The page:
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Published byRosalyn Lorraine Todd Modified over 7 years ago
Sex, Drugs, and Rock-n-Roll HIV/AIDS Prevention 7 th grade
Day 1: Today We Will… Discuss what we think/feel about HIV/AIDS Describe the difference between HIV & AIDS Look at how people get HIV Explain how people with HIV get sick
Agreements Respect everyone No put downs! Raise your hand One person speaks at a time Participate! Ask questions Keep an open mind
HIV Statistics The fastest growing group of people getting infected with HIV is heterosexual teenagers. Half of all new infections are now occurring among people ages 15-24. Two teenagers an hour become infected with HIV. AIDS is the 6 th leading cause of death among 15-24 year olds New York State has the greatest number of AIDS cases with 181,461 There are 26 AIDS cases in Cortland County
Cortland and Surrounding Counties: Number of AIDS cases, 2007 Cayuga323 Onondaga 1225 Madison 54 Tompkins 142 Cortland 26 Chenango 61 Tioga30 Broome358
H uman I mmuno-deficiency V irus It takes up to 10+ years for HIV to develop into AIDS ______________________________________________________ A cquired (gotten from someone else) I mmuno- (immune system) D eficiency (hard time fighting disease ) S yndrome ( signs and symptoms of a disease )
Body Fluids Which Transmit HIV YES NO Blood Urine Semen Feces Vaginal Fluids Vomit Breast milk Saliva Tears Sweat
How You Get HIV: Sex - oral, anal, and vaginal - blood, semen, and vaginal fluids can be exchanged IV Drugs - blood exchanged from one person to another Mother to child - blood exchanged through birth or breastmilk exchanged after baby is born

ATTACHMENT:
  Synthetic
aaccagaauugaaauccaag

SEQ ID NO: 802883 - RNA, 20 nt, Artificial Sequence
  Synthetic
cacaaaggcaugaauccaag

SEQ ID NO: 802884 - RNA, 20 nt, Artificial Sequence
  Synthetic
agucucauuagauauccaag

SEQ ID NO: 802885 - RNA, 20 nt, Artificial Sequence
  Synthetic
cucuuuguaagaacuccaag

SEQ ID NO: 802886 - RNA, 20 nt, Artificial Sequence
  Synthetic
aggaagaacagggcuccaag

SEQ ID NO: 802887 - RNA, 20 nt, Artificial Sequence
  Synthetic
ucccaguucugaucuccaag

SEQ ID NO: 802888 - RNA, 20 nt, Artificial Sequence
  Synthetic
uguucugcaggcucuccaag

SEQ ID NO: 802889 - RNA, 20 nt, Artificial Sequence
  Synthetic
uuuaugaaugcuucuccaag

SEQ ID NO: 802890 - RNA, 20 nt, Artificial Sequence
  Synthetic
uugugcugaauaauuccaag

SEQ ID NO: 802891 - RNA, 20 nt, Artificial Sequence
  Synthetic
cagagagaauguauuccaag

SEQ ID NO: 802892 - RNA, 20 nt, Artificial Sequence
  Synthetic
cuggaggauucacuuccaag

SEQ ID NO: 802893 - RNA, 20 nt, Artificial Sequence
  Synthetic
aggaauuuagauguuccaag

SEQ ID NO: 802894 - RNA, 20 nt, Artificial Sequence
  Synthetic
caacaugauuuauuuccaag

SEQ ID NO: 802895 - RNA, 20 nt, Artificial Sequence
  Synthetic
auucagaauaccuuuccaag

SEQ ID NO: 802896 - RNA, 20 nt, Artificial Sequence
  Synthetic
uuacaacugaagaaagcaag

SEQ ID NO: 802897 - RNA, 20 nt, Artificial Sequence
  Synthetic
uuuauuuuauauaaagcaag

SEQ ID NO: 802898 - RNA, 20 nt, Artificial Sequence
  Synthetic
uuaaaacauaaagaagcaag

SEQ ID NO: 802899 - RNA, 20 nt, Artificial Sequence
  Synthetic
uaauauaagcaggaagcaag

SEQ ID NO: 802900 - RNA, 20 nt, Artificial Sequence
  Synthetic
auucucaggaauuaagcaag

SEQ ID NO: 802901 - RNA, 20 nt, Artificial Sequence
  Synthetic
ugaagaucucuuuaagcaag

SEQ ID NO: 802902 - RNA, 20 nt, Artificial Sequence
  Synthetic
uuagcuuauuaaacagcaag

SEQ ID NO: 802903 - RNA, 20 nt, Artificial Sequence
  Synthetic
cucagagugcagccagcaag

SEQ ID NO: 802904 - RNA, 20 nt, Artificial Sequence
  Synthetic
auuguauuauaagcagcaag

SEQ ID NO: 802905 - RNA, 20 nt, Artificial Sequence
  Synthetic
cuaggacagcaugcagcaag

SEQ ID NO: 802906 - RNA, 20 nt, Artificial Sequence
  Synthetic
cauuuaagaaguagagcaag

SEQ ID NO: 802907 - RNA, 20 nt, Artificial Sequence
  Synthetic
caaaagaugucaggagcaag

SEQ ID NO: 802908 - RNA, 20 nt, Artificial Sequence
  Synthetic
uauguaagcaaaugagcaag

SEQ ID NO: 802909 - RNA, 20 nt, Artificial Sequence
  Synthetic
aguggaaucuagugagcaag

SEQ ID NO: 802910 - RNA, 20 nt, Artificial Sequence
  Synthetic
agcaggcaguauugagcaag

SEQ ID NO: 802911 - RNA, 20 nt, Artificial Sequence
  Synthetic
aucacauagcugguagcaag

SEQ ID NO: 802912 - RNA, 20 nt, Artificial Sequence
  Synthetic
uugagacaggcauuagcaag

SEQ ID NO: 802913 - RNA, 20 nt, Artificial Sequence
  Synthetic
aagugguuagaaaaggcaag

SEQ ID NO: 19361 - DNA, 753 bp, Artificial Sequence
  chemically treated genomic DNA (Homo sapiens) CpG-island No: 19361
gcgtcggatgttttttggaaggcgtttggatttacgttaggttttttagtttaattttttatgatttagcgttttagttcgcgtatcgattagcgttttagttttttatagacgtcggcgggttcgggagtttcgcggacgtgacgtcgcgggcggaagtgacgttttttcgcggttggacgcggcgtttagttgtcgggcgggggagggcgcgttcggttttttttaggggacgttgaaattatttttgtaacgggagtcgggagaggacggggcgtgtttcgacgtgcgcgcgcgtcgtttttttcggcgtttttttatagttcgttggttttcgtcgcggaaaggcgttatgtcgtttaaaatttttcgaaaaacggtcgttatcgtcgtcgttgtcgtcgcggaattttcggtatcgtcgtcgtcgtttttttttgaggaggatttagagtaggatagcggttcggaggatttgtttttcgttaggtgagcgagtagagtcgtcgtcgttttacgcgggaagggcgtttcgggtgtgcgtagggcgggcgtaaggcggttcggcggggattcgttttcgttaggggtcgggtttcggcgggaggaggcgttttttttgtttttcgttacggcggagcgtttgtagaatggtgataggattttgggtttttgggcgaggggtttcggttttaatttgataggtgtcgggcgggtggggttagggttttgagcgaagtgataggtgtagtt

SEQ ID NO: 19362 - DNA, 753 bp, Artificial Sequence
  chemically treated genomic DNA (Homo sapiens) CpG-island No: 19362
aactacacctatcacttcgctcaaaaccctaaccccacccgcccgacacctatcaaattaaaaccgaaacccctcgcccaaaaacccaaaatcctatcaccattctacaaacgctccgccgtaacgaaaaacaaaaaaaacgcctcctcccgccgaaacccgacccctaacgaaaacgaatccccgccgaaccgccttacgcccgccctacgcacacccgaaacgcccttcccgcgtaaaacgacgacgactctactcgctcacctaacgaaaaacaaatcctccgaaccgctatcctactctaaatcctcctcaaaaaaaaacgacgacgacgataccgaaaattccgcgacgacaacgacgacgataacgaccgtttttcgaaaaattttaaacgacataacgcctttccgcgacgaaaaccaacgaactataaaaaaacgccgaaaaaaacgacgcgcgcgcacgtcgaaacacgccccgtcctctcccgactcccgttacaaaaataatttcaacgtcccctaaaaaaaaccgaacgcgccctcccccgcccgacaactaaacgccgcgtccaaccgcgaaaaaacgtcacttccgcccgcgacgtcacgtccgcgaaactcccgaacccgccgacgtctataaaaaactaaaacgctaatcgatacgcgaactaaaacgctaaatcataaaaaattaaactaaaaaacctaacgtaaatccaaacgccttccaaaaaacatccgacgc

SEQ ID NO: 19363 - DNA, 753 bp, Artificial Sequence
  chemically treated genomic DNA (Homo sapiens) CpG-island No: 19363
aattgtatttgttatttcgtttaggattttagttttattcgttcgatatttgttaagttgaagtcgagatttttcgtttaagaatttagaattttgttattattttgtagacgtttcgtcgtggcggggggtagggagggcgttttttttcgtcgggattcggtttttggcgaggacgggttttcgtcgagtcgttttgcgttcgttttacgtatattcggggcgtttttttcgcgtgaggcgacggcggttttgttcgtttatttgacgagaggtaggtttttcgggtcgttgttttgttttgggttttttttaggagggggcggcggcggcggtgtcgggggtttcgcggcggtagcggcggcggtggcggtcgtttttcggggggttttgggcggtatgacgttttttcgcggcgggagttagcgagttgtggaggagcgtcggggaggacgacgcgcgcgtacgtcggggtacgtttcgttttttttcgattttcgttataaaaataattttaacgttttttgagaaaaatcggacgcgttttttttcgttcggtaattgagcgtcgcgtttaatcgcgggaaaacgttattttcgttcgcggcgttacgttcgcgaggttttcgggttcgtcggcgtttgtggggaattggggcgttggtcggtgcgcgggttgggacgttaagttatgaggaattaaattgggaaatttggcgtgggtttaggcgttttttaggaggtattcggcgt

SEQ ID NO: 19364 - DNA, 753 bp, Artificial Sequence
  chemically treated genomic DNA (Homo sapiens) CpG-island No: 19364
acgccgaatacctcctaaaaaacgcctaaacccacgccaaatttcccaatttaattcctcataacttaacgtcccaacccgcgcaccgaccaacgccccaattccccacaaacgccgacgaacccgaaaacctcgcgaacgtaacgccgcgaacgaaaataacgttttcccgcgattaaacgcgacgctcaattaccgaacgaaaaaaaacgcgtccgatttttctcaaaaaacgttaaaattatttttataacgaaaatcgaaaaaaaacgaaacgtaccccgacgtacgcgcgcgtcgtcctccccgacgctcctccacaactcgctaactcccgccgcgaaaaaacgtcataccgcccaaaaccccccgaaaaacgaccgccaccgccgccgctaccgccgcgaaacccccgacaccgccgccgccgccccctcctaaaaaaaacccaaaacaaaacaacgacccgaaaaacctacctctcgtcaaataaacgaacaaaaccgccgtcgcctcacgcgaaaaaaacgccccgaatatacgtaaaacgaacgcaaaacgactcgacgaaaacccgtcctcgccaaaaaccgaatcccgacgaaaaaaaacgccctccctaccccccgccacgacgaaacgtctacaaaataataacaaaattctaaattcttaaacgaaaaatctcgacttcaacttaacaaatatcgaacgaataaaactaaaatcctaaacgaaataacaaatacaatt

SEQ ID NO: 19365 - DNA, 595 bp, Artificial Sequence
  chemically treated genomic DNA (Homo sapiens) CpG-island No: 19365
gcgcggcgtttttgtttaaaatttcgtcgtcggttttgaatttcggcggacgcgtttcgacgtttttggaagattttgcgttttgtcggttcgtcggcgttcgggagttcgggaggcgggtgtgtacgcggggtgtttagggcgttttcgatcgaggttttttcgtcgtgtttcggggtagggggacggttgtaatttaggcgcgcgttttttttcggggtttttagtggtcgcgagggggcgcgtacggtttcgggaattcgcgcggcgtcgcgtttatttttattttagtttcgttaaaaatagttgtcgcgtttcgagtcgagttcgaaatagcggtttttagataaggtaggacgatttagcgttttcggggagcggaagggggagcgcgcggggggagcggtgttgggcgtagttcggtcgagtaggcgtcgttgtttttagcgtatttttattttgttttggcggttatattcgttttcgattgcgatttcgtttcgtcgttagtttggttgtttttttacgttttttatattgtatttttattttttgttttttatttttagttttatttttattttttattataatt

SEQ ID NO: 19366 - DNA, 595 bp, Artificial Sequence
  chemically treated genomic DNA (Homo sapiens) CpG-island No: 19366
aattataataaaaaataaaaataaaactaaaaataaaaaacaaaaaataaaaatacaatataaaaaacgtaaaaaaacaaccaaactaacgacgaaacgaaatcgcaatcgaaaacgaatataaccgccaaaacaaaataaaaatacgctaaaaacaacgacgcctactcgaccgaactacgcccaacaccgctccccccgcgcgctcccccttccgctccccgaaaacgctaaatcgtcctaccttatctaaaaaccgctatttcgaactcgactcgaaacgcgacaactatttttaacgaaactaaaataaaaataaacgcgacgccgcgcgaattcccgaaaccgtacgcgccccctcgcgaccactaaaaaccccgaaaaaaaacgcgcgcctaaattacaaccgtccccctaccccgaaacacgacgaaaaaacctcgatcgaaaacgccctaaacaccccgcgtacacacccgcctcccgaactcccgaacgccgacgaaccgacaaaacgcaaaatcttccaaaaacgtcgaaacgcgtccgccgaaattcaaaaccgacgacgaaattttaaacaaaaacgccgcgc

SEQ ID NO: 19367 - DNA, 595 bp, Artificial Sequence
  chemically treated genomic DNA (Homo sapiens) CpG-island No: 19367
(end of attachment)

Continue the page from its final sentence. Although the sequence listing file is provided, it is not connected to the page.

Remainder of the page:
How You Do NOT get HIV: Treatment from doctors and dentists Donating blood Casual contact with others
How HIV progresses into AIDS: WINDOW PERIOD ASYMPTOMATICSYMPTOMATIC AIDS
STAGE 1: WINDOW PERIOD Point of infection Takes 1-3 months for antibodies to show up on an HIV test A person in the window period would test negative even though are actually positive Can infect another person Person looks and feels fine T-cells are approximately 1000 per milliliter of blood
Stage 2: ASYMPTOMATIC Stage lasts three months after infection to approximately 10 years after infection Immune system is under attack T-cells are being destroyed Person still looks and feels fine Experiencing no symptoms of sickness Can infect another person T-cells are approximately 1000-500 per milliliter of blood
Stage 3: SYMPTOMATIC Typically three years to ten years after infection, a person will develop symptoms of HIV Immune system is still being destroyed Person begins to feel sick: weight loss, fatigue, diarrhea, night sweats, vomiting Can still infect another person Person’s t-cell count drops to approximately 500-200 per milliliter of blood
Stage 4: AIDS When T-cell count drops below 200 per milliliter of blood, a person is diagnosed with AIDS A person typically becomes infected with opportunistic diseases like: Karposi’s sarcoma (cancer of blood vessels) or pneumosystic pneumonia, AIDS dementia A person dies from the opportunistic disease, not from AIDS
Fact or Myth Activity Based on all the information you learned today, decide whether each statement is true or false.
Fact or Myth? 1.Some animals, like monkeys, have the HIV virus. FALSE 2.A pandemic is when a large number of people get a disease and it spreads quickly. TRUE 3.People with HIV have difficulty fighting off infections. TRUE 4.HIV is the same as AIDS. FALSE 5.A person can be infected with HIV through saliva and sweat. FALSE
Fact or myth? 6.All mothers with HIV will have babies that have HIV. FALSE 7.You have a chance of getting HIV when you donate blood. FALSE 8.Having unprotected sex is the major way teens are getting HIV. TRUE 9.Doctors often get HIV from patients because they work around a lot of blood. FALSE 10.It can take up to 10 years or more for a person with HIV to get AIDS. TRUE
Conclusion Questions? Comments? Pass this information on to others Thank you for your cooperation
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